Friday 6 December 2019

Europe hold early edge on soggy morning

Europe's Martin Kaymer of Germany, left, and Lee Westwood of England shelter under umbrellas on the first hole. Photo: PA
Europe's Martin Kaymer of Germany, left, and Lee Westwood of England shelter under umbrellas on the first hole. Photo: PA

Europe today drew first blood on the opening morning of the Ryder Cup - but horrendous conditions were threatening to bring play to a halt.

There were already several patches of standing water on the first fairway and greenkeepers were still attempting to clear more from the landing area just moments before the opening tee shots were struck.

And as heavy rain continued to fall, large puddles were forming on the greens and the first fairway was looking more like the river Usk which runs alongside it.

Conditions were even less palatable in the rough, with Tiger Woods unable to even get his ball back on the short grass with a fairway wood after pulling his opening drive into trouble.

The home side were coping far better with the weather, Lee Westwood holing from six feet for birdie on the second to give him and playing partner Martin Kaymer the lead over Phil Mickelson and Dustin Johnson in the opening match after Johnson had missed from slightly further away.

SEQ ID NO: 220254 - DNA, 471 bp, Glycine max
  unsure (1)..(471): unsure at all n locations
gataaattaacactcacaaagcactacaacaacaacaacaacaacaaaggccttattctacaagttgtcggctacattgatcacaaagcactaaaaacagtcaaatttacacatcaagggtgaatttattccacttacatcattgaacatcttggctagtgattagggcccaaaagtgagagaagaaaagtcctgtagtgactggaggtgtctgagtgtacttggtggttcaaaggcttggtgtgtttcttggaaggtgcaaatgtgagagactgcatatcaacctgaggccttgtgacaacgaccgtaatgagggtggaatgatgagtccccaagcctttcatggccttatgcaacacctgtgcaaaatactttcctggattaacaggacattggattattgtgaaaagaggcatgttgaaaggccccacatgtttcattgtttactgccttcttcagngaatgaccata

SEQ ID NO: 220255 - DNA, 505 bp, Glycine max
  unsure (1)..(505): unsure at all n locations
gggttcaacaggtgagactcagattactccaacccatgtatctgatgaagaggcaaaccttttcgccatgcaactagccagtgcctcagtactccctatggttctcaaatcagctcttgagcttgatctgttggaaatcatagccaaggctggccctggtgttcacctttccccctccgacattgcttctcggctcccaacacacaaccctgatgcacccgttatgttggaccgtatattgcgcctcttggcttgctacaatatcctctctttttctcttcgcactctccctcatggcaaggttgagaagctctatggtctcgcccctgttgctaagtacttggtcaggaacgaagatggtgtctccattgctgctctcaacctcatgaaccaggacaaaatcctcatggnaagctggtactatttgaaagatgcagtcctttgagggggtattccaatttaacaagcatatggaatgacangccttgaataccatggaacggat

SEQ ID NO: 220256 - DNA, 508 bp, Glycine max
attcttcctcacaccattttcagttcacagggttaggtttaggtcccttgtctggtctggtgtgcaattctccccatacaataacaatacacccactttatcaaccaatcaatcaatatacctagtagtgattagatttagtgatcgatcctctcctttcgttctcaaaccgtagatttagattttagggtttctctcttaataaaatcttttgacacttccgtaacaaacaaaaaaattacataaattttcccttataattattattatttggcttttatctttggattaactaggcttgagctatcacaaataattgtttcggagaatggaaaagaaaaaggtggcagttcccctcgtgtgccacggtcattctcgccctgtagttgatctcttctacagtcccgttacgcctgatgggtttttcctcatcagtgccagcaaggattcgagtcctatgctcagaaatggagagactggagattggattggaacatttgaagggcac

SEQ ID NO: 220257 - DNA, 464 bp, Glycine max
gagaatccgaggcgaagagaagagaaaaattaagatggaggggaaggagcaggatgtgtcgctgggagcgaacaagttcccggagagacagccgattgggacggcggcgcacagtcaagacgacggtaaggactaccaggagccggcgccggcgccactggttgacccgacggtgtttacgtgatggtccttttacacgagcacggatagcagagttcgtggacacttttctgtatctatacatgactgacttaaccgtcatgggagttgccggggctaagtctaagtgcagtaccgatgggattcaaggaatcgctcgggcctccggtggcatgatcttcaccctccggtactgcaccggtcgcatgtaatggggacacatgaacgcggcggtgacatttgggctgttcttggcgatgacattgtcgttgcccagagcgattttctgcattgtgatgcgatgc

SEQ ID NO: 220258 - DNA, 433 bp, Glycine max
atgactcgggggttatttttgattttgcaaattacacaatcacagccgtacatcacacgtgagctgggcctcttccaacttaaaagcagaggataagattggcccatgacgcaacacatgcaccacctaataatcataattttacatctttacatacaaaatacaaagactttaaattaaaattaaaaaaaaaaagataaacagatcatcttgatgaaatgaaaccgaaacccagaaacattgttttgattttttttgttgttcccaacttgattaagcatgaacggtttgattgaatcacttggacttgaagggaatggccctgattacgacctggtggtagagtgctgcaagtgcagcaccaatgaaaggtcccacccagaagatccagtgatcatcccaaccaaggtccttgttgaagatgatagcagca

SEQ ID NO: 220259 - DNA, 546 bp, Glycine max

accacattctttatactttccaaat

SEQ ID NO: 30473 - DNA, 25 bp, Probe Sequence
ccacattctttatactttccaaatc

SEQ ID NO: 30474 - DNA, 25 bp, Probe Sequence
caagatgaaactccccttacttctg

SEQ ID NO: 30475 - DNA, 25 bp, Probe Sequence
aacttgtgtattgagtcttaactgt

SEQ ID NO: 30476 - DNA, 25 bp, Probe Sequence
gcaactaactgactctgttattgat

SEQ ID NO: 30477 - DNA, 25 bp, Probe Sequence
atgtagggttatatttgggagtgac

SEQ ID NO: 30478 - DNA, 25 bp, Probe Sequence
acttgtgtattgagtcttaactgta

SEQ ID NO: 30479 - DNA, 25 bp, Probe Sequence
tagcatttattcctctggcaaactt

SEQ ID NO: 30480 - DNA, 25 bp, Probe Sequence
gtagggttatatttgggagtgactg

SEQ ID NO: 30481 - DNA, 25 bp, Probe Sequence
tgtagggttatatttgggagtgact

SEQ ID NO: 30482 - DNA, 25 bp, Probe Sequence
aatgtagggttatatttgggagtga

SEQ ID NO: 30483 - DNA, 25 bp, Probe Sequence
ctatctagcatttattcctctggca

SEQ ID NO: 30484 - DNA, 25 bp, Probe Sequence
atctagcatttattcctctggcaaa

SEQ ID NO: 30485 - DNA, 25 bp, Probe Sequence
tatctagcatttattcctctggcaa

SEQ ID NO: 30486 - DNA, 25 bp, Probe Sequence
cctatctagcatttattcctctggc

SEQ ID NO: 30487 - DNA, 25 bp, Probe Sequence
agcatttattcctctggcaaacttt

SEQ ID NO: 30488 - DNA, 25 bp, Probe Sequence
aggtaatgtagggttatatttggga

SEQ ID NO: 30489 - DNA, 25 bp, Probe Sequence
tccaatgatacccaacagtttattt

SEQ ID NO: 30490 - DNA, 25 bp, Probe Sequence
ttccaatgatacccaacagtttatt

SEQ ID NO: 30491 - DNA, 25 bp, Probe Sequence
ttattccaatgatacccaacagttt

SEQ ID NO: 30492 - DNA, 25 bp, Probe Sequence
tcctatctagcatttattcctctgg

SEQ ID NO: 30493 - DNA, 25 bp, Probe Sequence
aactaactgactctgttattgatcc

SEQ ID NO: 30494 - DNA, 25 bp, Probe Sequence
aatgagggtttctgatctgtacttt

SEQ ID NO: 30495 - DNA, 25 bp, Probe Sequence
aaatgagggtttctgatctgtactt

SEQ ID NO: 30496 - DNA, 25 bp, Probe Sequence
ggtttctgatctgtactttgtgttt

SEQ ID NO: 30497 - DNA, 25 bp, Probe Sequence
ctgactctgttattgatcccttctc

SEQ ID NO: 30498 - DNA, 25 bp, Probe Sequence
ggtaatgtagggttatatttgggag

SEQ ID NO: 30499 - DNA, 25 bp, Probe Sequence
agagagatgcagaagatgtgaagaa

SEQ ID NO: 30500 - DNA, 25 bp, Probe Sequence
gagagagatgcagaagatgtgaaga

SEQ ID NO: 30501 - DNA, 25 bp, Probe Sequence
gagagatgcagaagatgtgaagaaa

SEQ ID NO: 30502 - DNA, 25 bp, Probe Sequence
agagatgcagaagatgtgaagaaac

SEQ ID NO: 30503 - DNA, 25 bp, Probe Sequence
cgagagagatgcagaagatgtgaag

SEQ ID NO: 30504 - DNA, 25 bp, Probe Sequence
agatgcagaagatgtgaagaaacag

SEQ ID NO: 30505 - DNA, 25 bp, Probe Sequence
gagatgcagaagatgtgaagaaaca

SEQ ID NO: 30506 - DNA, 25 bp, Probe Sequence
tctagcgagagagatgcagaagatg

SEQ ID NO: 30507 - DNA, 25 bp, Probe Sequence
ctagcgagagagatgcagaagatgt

Graeme McDowell's par on the first was good enough to win that hole too against Stewart Cink and Matt Kuchar, with the American pair only able to manage a bogey five between them.

And it was the same story in the third match with Ross Fisher and Ian Poulter going one up on Woods and Steve Stricker - who had a 100pc record from four matches in last year's Presidents Cup - courtesy of Fisher's par four.

However, all the work needed to clear the greens and fairways meant it had taken McDowell and Rory McIlroy's group an amazing 26 minutes to play the opening hole, with European skipper Colin Montgomerie admitting time would be a major factor.

"I've been told if this was a strokeplay event this might not be taking place," Montgomerie said.

"Fingers crossed this (play) continues because we don't have much leeway to finish these matches on time.

"It must favour us this weather. It's not fun for anybody but less so for the Americans. Let's just hope it does not get so waterlogged that we can't play."

In the final match, Padraig Harrington will no doubt be using the conditions and slow play as an excuse after smashing his second shot through the green while the match ahead was still putting out.

Harrington, a controversial wild card pick by Montgomerie, looked stunned when he was told and raised his hands in a sheepish apology.

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